But the effect of the push to pass button would be exactly the same as DRS? Not arguing just trying to understand what the difference would be.
But DRS wasn't introduced in the early 90's. It was introduced following a decade dominated by aerodynamics and processional races. You make it seem as if the driver sat down at a meeting and decided not to race each other anymore. But we know that the nature of the cars (and circuits) and how they derive their pace is to blame.

In terms of boosting overtaking (which we can all agree was needed), there is no simple answer, so let's look at the alternatives. The Pirellis have definitely contributed to the spectacle and the racing, especially at races like China 2011, but I still don't like the idea of drivers having to be economical in their driving style and not always going flat out. KERS has played a fairly minimal role, in which the drama seemed mostly to be centred around whose KERS system failed and whose didn't, rather than the strategy of deploying it at the appropriate time.

In terms of DRS itself, I don't think anyone sees it as a perfect substitute for hard wheel-to-wheel racing, but it can artificially induce great action. There were races in 2011 where it made passing too easy (Canada), others where it made little difference (Australia, Korea) but several where it created racing situations that otherwise wouldn't have occurred (India springs to mind, where Hamilton was able to catch up just enough to race Massa going into the next 2 corners).

To summarise: don't compare DRS-era racing against a highlights package of racing 20 years ago. Compare it to racing from 1 or 2 years ago. Ideally DRS should be perfected so it cancels-out the penalty of following in another driver's turbulent air and level the playing-field between pursuer and pursue-ee.
I'm interested to see how the new ban on EBDs affects DRS implementation - with no exhaust-aided downforce through corners, one would anticipate that drivers will have to be more mindful of hitting the DRS button when exiting a corner on a quali run, or run the risk of spinning out. I'm not sure we'll see quite as many Vettel poles this year :thinking:
I cant stand DRS! >:(
If anything, to me it has taken more away from F1 than it has given. I’ve failed to get excited about any DRS aided overtake, actually I’ve hated just about every DRS overtake because I’ve though ehhh, its not fair he’s using the DRS.
I think the idea itself is a good one, but the implementation on some tracks have failed, like gdeacon said.
The idea behind DRS was (iirc) to offset the penalty a car has when following another car, not allow it to blast by like on some tracks last year.
How many times in the past have we seen a driver get close to another car, only to get stuck behind it because once they were in a 1 second window they were barely able to get closer anymore? How many times have we seen pit overtakes because of this? I can't imagine anyone who is against DRS liked seeing those.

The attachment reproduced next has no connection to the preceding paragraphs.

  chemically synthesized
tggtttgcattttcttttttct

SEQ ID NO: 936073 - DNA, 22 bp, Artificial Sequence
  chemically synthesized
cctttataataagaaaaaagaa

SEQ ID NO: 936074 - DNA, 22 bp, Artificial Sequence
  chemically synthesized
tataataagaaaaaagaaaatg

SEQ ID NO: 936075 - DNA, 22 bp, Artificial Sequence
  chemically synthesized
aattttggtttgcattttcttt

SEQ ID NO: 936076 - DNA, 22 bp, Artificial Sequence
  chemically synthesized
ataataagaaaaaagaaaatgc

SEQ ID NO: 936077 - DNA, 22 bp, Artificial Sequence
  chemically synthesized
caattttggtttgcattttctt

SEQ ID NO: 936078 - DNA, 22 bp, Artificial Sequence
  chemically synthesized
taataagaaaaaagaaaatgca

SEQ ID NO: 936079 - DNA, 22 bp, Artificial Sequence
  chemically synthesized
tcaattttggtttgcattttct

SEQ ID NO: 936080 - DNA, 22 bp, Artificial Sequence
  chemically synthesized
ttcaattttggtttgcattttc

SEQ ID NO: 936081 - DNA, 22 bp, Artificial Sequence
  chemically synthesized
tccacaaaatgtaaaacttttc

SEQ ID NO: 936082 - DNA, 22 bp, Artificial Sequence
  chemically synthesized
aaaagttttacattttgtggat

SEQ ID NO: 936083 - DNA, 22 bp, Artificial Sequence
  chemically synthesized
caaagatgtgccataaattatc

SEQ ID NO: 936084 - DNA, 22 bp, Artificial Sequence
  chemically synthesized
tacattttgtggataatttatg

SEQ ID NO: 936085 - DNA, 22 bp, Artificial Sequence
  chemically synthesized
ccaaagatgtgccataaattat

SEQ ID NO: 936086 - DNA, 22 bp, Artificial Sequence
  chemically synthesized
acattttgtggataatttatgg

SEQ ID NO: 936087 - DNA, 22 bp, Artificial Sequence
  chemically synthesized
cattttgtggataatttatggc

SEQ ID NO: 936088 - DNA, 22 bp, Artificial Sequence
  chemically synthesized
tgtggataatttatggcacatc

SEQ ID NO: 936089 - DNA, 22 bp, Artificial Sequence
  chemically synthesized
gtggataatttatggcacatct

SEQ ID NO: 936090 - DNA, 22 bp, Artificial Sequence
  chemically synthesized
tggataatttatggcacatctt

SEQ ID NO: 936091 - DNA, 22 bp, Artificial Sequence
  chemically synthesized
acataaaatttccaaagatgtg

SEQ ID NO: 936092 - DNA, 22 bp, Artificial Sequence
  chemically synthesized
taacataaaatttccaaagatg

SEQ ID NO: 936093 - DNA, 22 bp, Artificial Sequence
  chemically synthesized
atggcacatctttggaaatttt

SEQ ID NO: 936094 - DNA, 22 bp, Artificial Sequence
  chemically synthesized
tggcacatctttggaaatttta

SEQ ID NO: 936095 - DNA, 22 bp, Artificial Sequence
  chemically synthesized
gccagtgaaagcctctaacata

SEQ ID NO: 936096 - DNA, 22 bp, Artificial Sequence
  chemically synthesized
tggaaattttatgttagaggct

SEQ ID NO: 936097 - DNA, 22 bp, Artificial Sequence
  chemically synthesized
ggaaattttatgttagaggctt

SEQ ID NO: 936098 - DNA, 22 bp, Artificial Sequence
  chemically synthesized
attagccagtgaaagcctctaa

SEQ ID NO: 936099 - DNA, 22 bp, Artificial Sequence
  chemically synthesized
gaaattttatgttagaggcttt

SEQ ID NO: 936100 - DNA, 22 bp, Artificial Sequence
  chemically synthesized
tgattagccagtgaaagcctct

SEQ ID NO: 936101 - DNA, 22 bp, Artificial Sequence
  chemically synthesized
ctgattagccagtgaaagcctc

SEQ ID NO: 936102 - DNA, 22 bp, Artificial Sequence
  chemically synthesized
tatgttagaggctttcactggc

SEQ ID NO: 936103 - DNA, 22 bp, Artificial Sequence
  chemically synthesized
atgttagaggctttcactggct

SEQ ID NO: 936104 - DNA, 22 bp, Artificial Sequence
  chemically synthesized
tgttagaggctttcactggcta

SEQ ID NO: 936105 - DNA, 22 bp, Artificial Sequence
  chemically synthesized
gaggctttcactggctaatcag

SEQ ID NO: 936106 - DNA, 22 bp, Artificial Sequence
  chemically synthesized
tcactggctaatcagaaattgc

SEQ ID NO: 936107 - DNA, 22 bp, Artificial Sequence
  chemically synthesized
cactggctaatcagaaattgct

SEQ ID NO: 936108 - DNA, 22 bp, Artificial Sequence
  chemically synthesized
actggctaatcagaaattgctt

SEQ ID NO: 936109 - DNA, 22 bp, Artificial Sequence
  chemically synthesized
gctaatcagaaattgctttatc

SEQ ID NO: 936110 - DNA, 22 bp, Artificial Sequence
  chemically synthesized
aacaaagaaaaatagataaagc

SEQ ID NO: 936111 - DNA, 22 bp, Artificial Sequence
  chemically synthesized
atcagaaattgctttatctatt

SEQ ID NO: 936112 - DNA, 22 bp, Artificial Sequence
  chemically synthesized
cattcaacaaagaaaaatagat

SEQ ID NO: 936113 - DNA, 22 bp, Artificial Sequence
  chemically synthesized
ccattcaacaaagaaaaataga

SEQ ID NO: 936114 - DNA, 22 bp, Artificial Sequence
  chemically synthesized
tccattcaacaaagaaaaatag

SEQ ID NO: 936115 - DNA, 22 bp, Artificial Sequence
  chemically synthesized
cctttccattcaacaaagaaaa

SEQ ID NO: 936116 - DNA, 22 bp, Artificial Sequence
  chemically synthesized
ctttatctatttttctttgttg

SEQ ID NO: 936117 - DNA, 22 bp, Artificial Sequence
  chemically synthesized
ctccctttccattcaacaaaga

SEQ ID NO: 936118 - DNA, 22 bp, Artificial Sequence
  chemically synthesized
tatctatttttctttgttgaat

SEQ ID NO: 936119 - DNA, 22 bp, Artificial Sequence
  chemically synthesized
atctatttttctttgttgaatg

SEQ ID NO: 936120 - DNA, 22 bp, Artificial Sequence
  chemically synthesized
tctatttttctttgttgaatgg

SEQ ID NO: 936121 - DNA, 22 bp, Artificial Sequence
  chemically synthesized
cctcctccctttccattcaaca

If they get the DRS areas spot on, or at least better on the tracks where it failed last year, then I think we'll be seeing a lot more wheel-to-wheel racing.
I have mixed feelings on DRS. I think at the moment you either have a series were passing is very difficult and can only reliably be done on a few circuits at specific corners. Or you have DRS which means passings is possible at every track but means overtaking is nearly always done in one braking zone, however it can bring cars closer together like Hamilton and Webber at Yeongam 2011. I believe the system would be recieved much better if the FIA made better efforts to set the zones, for example at some races last year such as Turkey it was far to easy to pass, then there were races that were too hard to pass on such as Melbourne, but in a few instances (e.g. Italy) DRS allowed both the driver behind a chance to get alongside but also offered the driver in front to actually defend.

Why can't the FIA borrow a couple of old F1 cars fitted with DRS and test how effective the system is at the circuit on the Thursday/Friday before the race weekend, then set the detection/activation points at places that allow overtaking to be possible while not making it too easy?

I think DRS as a concept has real merit until the 'dirty air' problem is solved, the detection and activation points just have to be adjusted better to cater to both drivers that are defending and those that are on the attack.
It was always advertised as a short-term fix, with less aero-sensitive cars coming in for 2014. Unfortunately those new aero regs haven't materialised, and DRS will continue in 2014 and presumably beyond.

Having said that, I prefer too much overtaking to hardly any at all, which is what we had from c.1996 to 2009. The beauty of DRS is its adjustability - at some races last year it did make passing too easy, but not all. I hope that the FIA will revise their zone lengths this year to ensure it is only an overtaking aid, and not an overtaking guarantee. I'm not necessarily confident about that, though.